By Dwayne McCrary
One of the more frightening things to do when traveling is getting on the interstate. We are fine once we are up to speed, but getting on can create a challenge, especially with cloverleafs that include a lane that is shared by those getting on and getting off at the same time. The cloverleaf design at the interchange of Interstate 35 and Hwy 30 in Ames, Iowa became notorious for this. A new flyover was constructed that addressed the problem. Engineers knew that if merging could take place with cars up to speed, the probability of collisions would be lessened. The right onramp made for a safer experience.
People who are not in a class or group also need a safe onramp to get up to speed. They need space to figure out who sits where, what the expectations are, and to develop trust with others in the group. The need for onramps is especially true if we use an ongoing Bible study groups strategy, like Sunday School. The class or group has its own rhythm and internal code. These rhythms and codes are developed over time and help the class or group function efficiently, but they also cause guests to remain focused on their rearview mirror until they get up to speed in the class or group. Here are four actions we can take to provide onramps:
Clear maps: Even with GPS assistance, clear maps are needed to know what interstate we need to take to get to our destination. One step in providing onramps to our groups is setting up a system to help people find a class or group. Information kiosks, descriptive class names (parents of teenagers as opposed to Bill’s Class), website information, greeters with information sheets, and welcome centers all serve as roadmaps to help people find the right onramp for them.
Traffic signs: Highway signs give us direction and clues about what is ahead. Seeing an exit is 2 miles ahead helps anticipate some people moving to get off the highway and the possibility of more getting on. In our classes and groups, hospitality leaders serve in this same way. They help the guest and new attender know what to expect. They greet people as they arrive, making sure everyone has a copy of the resources being used in the class and showing them where the class is in the study. Providing a copy of the Personal Study Guide with a marker on the lesson being studied that day goes a long way in helping the new person continue to move down the onramp.
New ramps: The solution in Ames was a new ramp that connected Interstate 35 and Highway 30. We too must look to create new ramps or classes and groups. One of the best ways is for the current teacher to apprentice someone in the current class to become the teacher of that class so that the current teacher can begin a new class. This approach is less disruptive and makes more sense because an experienced teacher has a higher probability of succeeding.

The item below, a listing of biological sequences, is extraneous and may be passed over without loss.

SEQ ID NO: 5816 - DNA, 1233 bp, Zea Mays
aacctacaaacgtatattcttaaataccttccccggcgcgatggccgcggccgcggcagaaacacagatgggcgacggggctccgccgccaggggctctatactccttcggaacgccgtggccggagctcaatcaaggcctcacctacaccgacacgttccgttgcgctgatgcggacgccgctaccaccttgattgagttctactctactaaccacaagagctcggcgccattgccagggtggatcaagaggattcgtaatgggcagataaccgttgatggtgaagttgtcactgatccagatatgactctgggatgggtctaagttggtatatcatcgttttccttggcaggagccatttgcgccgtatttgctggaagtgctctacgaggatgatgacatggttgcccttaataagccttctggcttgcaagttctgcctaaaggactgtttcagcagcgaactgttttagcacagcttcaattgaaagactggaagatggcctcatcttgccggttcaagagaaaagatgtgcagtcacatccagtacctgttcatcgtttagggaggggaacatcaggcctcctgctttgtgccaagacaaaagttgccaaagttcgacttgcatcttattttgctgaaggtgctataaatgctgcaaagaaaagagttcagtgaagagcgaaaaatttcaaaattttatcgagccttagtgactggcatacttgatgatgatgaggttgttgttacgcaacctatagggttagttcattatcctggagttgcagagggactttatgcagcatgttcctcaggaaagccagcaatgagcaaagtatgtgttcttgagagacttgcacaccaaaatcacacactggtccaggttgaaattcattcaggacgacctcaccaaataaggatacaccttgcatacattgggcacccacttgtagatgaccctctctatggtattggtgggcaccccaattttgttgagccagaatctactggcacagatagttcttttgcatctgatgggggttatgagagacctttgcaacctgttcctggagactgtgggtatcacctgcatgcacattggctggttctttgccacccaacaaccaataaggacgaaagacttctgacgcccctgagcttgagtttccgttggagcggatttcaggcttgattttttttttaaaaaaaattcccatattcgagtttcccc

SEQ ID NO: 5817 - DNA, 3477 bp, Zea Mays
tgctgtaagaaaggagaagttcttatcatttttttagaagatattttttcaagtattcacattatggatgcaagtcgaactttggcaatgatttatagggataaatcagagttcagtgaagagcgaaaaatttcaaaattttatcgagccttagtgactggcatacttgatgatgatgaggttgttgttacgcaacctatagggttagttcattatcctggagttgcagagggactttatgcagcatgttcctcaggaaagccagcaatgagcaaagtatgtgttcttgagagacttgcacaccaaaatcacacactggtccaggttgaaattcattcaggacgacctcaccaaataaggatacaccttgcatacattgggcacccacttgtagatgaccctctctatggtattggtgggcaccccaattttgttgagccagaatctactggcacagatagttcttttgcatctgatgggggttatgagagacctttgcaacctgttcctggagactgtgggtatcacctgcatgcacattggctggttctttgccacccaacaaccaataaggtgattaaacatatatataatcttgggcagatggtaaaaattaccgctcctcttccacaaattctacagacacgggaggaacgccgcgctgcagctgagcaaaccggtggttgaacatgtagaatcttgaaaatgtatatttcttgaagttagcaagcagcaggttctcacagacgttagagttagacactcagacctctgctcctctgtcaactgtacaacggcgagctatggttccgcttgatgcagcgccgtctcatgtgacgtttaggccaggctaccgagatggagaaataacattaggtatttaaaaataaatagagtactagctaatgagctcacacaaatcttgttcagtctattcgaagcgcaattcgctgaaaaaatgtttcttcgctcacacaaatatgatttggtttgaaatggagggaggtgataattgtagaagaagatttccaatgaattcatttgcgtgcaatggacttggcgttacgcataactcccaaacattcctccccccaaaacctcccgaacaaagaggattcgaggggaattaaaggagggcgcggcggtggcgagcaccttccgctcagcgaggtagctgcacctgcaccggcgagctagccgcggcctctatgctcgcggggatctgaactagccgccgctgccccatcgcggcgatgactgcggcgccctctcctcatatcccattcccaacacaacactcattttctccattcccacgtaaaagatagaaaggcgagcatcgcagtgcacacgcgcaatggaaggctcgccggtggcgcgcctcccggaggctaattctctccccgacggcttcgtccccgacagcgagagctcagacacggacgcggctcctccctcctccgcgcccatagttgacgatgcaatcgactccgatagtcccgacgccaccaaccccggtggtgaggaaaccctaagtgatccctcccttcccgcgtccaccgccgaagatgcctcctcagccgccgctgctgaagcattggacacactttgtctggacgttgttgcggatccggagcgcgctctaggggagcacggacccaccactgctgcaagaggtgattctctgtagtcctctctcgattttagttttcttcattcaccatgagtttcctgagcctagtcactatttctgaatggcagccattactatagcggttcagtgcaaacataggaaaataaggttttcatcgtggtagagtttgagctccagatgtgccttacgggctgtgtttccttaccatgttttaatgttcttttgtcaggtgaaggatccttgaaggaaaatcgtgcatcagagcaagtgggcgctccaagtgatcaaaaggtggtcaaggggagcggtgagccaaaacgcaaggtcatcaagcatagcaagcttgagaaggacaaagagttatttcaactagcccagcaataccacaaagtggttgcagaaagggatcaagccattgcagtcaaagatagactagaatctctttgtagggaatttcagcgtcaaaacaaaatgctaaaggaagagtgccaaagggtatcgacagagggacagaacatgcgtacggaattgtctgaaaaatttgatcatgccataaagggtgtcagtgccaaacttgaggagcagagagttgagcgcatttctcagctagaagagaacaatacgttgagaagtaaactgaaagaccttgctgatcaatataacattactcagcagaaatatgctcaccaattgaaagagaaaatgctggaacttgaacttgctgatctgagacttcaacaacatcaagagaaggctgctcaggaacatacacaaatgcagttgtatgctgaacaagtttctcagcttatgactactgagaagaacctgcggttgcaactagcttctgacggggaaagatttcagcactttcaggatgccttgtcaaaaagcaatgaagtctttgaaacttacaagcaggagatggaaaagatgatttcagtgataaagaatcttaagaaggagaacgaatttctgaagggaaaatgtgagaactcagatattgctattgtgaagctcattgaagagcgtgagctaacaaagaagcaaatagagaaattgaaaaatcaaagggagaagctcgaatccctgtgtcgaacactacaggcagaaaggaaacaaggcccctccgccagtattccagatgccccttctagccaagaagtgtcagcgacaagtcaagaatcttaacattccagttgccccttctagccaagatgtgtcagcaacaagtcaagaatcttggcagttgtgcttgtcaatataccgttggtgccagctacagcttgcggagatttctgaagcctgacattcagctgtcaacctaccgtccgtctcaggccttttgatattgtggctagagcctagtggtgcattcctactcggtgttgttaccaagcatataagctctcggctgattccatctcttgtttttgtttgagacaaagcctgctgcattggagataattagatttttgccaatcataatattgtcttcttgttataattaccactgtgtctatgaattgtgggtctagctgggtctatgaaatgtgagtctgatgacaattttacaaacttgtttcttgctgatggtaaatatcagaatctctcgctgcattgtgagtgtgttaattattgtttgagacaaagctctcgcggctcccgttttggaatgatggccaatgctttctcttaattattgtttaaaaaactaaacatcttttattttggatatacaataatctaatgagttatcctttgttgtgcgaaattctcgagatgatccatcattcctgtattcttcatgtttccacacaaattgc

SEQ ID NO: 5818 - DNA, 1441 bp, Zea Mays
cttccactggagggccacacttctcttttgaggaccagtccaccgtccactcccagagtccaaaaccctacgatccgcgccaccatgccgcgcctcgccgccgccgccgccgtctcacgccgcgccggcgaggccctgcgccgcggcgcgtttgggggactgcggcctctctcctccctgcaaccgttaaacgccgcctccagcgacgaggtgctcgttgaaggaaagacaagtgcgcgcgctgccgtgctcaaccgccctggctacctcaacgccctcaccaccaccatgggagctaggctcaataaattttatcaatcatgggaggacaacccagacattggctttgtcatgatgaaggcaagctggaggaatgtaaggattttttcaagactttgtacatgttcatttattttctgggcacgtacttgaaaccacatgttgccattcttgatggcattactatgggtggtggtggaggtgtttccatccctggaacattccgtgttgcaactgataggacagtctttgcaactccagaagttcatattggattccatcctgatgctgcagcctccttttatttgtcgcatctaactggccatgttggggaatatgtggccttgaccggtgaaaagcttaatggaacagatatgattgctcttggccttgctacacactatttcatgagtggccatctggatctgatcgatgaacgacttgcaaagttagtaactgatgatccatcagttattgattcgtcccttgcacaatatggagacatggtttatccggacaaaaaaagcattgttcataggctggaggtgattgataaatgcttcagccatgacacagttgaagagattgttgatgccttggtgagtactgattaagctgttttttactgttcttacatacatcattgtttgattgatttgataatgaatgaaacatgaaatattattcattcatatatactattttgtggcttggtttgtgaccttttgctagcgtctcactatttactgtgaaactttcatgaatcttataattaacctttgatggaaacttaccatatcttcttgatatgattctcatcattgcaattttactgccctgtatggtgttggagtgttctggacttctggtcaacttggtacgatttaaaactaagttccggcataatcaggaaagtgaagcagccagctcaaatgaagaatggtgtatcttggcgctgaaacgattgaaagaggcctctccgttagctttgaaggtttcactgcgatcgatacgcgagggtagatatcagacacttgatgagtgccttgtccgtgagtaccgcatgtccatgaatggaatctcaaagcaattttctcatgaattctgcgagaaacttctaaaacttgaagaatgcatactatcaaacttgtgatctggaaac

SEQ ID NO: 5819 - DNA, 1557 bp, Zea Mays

The need for the new ramp in Ames was diagnosed by looking at the number of accidents that occurred at that interchange compared to other interchanges. We can tell where a new group is needed by looking at the numbers as well. Here are a few of the things to look for: a class has exceeded a manageable size (you must define manageable for your setting but 12 in attendance is a good number to consider), there is no place for a new person to sit, new home and apartment construction near the church facilities or near clusters where many of your church members live, and groups that are underserved but obviously present in your community (go to a coffee shop or restaurant in your area and compare who is there with who attends your classes or groups). One word of warning. Starting a new class or group does not guarantee growth but failing to create new groups all but guarantees no growth.
Defined POIs: We get on an interstate to get somewhere. The signs telling us the distance to a town are evidence that we are doing more than simply driving. One part of providing onramps is giving a reason or point of interest (POI) to get involved. Focusing on fellowship and friendship will not be enough since those things can be had by joining a bowling league. We do want to foster community, but there is more to it than that. Some leaders provide special studies as an onramp. The idea is that once the group completes the special study, they will then transition to a track of studies being used by the other classes or groups within the church. One weakness of this approach is it gives two different experiences unless the onramp study carries the same expectations and experience as the future studies.
Sometimes, the POI for a Bible study is in how the study is presented. We can announce that our groups are studying the Bible books of Ezekiel and Daniel and some will be excited since they already know some of the stories in these two books. But many will have no idea what they will find in these books. Another approach is to announce that classes and groups will be studying how God works among His people, the hope He provides for those who are faithful to Him, and how He steadfastly reigns as Lord of all. You can share that you will be learning this from the lives of two people, Ezekiel and Daniel (note: this description came from a description found on lifeway.com: https://www.lifeway.com/en/product/explore-the-bible-adult-personal-study-guide-winter-2022-M00100479). This second approach invites others to consider the onramp and POI being provided.
Dwayne McCrary is a team leader for ongoing adult resources at Lifeway. He also serves as an adjunct at Midwestern Baptist Theological Seminary, teaches an adult group and preschool group in his church, reads history books, and a road bicyclist.